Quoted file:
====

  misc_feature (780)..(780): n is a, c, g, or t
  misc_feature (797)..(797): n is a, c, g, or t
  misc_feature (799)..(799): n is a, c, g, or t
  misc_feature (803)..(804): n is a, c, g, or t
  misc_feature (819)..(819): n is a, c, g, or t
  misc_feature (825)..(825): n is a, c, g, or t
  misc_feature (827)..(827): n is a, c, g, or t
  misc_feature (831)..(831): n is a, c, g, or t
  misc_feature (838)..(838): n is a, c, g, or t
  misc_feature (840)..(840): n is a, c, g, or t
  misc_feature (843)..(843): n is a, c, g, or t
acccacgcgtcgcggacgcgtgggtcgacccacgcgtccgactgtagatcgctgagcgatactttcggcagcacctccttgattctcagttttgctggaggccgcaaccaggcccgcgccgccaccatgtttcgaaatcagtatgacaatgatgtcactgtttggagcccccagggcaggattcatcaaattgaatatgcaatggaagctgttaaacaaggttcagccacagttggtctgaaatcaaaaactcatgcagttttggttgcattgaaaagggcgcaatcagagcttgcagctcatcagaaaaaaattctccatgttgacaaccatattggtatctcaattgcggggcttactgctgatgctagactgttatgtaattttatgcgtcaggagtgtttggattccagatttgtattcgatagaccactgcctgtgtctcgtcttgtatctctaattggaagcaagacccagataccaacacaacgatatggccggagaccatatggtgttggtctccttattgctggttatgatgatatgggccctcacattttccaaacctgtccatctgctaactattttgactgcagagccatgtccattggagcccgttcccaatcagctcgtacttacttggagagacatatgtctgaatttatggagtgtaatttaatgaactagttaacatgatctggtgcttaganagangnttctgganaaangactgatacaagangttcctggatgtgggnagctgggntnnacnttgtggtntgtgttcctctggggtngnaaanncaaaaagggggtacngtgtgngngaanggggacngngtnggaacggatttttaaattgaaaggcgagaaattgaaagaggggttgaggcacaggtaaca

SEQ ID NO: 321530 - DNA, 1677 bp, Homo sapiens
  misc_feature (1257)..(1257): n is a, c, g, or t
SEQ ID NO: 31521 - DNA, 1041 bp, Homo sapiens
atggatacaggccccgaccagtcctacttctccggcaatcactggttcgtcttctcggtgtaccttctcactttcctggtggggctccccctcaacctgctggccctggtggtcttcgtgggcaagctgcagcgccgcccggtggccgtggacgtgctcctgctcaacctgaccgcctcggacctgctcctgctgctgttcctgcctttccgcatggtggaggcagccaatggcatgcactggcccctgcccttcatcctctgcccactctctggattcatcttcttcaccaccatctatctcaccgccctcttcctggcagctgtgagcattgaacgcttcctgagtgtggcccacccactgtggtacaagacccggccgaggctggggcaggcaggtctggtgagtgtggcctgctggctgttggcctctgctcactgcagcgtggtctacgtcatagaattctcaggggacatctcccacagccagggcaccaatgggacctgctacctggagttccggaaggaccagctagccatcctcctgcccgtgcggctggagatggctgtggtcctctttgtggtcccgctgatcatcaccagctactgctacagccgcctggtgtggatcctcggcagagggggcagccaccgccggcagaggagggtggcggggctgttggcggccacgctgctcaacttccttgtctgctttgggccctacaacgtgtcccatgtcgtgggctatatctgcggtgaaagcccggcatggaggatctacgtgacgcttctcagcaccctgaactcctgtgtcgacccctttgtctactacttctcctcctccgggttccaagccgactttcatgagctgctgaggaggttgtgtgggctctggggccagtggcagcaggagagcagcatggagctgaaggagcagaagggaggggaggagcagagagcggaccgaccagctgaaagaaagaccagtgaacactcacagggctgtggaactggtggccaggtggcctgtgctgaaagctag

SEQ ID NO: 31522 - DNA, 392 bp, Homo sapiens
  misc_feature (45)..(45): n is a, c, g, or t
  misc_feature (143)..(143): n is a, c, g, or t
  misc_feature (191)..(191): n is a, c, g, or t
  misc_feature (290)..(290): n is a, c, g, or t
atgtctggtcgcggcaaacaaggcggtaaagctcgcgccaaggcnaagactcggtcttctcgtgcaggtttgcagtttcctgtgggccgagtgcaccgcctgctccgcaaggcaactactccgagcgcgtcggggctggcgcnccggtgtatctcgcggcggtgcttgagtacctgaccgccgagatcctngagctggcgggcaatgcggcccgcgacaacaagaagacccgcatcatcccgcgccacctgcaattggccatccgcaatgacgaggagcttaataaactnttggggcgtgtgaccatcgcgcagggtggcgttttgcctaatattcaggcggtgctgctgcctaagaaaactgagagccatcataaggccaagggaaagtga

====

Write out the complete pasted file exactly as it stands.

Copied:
  misc_feature (780)..(780): n is a, c, g, or t
  misc_feature (797)..(797): n is a, c, g, or t
  misc_feature (799)..(799): n is a, c, g, or t
  misc_feature (803)..(804): n is a, c, g, or t
  misc_feature (819)..(819): n is a, c, g, or t
  misc_feature (825)..(825): n is a, c, g, or t
  misc_feature (827)..(827): n is a, c, g, or t
  misc_feature (831)..(831): n is a, c, g, or t
  misc_feature (838)..(838): n is a, c, g, or t
  misc_feature (840)..(840): n is a, c, g, or t
  misc_feature (843)..(843): n is a, c, g, or t
acccacgcgtcgcggacgcgtgggtcgacccacgcgtccgactgtagatcgctgagcgatactttcggcagcacctccttgattctcagttttgctggaggccgcaaccaggcccgcgccgccaccatgtttcgaaatcagtatgacaatgatgtcactgtttggagcccccagggcaggattcatcaaattgaatatgcaatggaagctgttaaacaaggttcagccacagttggtctgaaatcaaaaactcatgcagttttggttgcattgaaaagggcgcaatcagagcttgcagctcatcagaaaaaaattctccatgttgacaaccatattggtatctcaattgcggggcttactgctgatgctagactgttatgtaattttatgcgtcaggagtgtttggattccagatttgtattcgatagaccactgcctgtgtctcgtcttgtatctctaattggaagcaagacccagataccaacacaacgatatggccggagaccatatggtgttggtctccttattgctggttatgatgatatgggccctcacattttccaaacctgtccatctgctaactattttgactgcagagccatgtccattggagcccgttcccaatcagctcgtacttacttggagagacatatgtctgaatttatggagtgtaatttaatgaactagttaacatgatctggtgcttaganagangnttctgganaaangactgatacaagangttcctggatgtgggnagctgggntnnacnttgtggtntgtgttcctctggggtngnaaanncaaaaagggggtacngtgtgngngaanggggacngngtnggaacggatttttaaattgaaaggcgagaaattgaaagaggggttgaggcacaggtaaca

SEQ ID NO: 321530 - DNA, 1677 bp, Homo sapiens
  misc_feature (1257)..(1257): n is a, c, g, or t
SEQ ID NO: 31521 - DNA, 1041 bp, Homo sapiens
atggatacaggccccgaccagtcctacttctccggcaatcactggttcgtcttctcggtgtaccttctcactttcctggtggggctccccctcaacctgctggccctggtggtcttcgtgggcaagctgcagcgccgcccggtggccgtggacgtgctcctgctcaacctgaccgcctcggacctgctcctgctgctgttcctgcctttccgcatggtggaggcagccaatggcatgcactggcccctgcccttcatcctctgcccactctctggattcatcttcttcaccaccatctatctcaccgccctcttcctggcagctgtgagcattgaacgcttcctgagtgtggcccacccactgtggtacaagacccggccgaggctggggcaggcaggtctggtgagtgtggcctgctggctgttggcctctgctcactgcagcgtggtctacgtcatagaattctcaggggacatctcccacagccagggcaccaatgggacctgctacctggagttccggaaggaccagctagccatcctcctgcccgtgcggctggagatggctgtggtcctctttgtggtcccgctgatcatcaccagctactgctacagccgcctggtgtggatcctcggcagagggggcagccaccgccggcagaggagggtggcggggctgttggcggccacgctgctcaacttccttgtctgctttgggccctacaacgtgtcccatgtcgtgggctatatctgcggtgaaagcccggcatggaggatctacgtgacgcttctcagcaccctgaactcctgtgtcgacccctttgtctactacttctcctcctccgggttccaagccgactttcatgagctgctgaggaggttgtgtgggctctggggccagtggcagcaggagagcagcatggagctgaaggagcagaagggaggggaggagcagagagcggaccgaccagctgaaagaaagaccagtgaacactcacagggctgtggaactggtggccaggtggcctgtgctgaaagctag

SEQ ID NO: 31522 - DNA, 392 bp, Homo sapiens
  misc_feature (45)..(45): n is a, c, g, or t
  misc_feature (143)..(143): n is a, c, g, or t
  misc_feature (191)..(191): n is a, c, g, or t
  misc_feature (290)..(290): n is a, c, g, or t
atgtctggtcgcggcaaacaaggcggtaaagctcgcgccaaggcnaagactcggtcttctcgtgcaggtttgcagtttcctgtgggccgagtgcaccgcctgctccgcaaggcaactactccgagcgcgtcggggctggcgcnccggtgtatctcgcggcggtgcttgagtacctgaccgccgagatcctngagctggcgggcaatgcggcccgcgacaacaagaagacccgcatcatcccgcgccacctgcaattggccatccgcaatgacgaggagcttaataaactnttggggcgtgtgaccatcgcgcagggtggcgttttgcctaatattcaggcggtgctgctgcctaagaaaactgagagccatcataaggccaagggaaagtga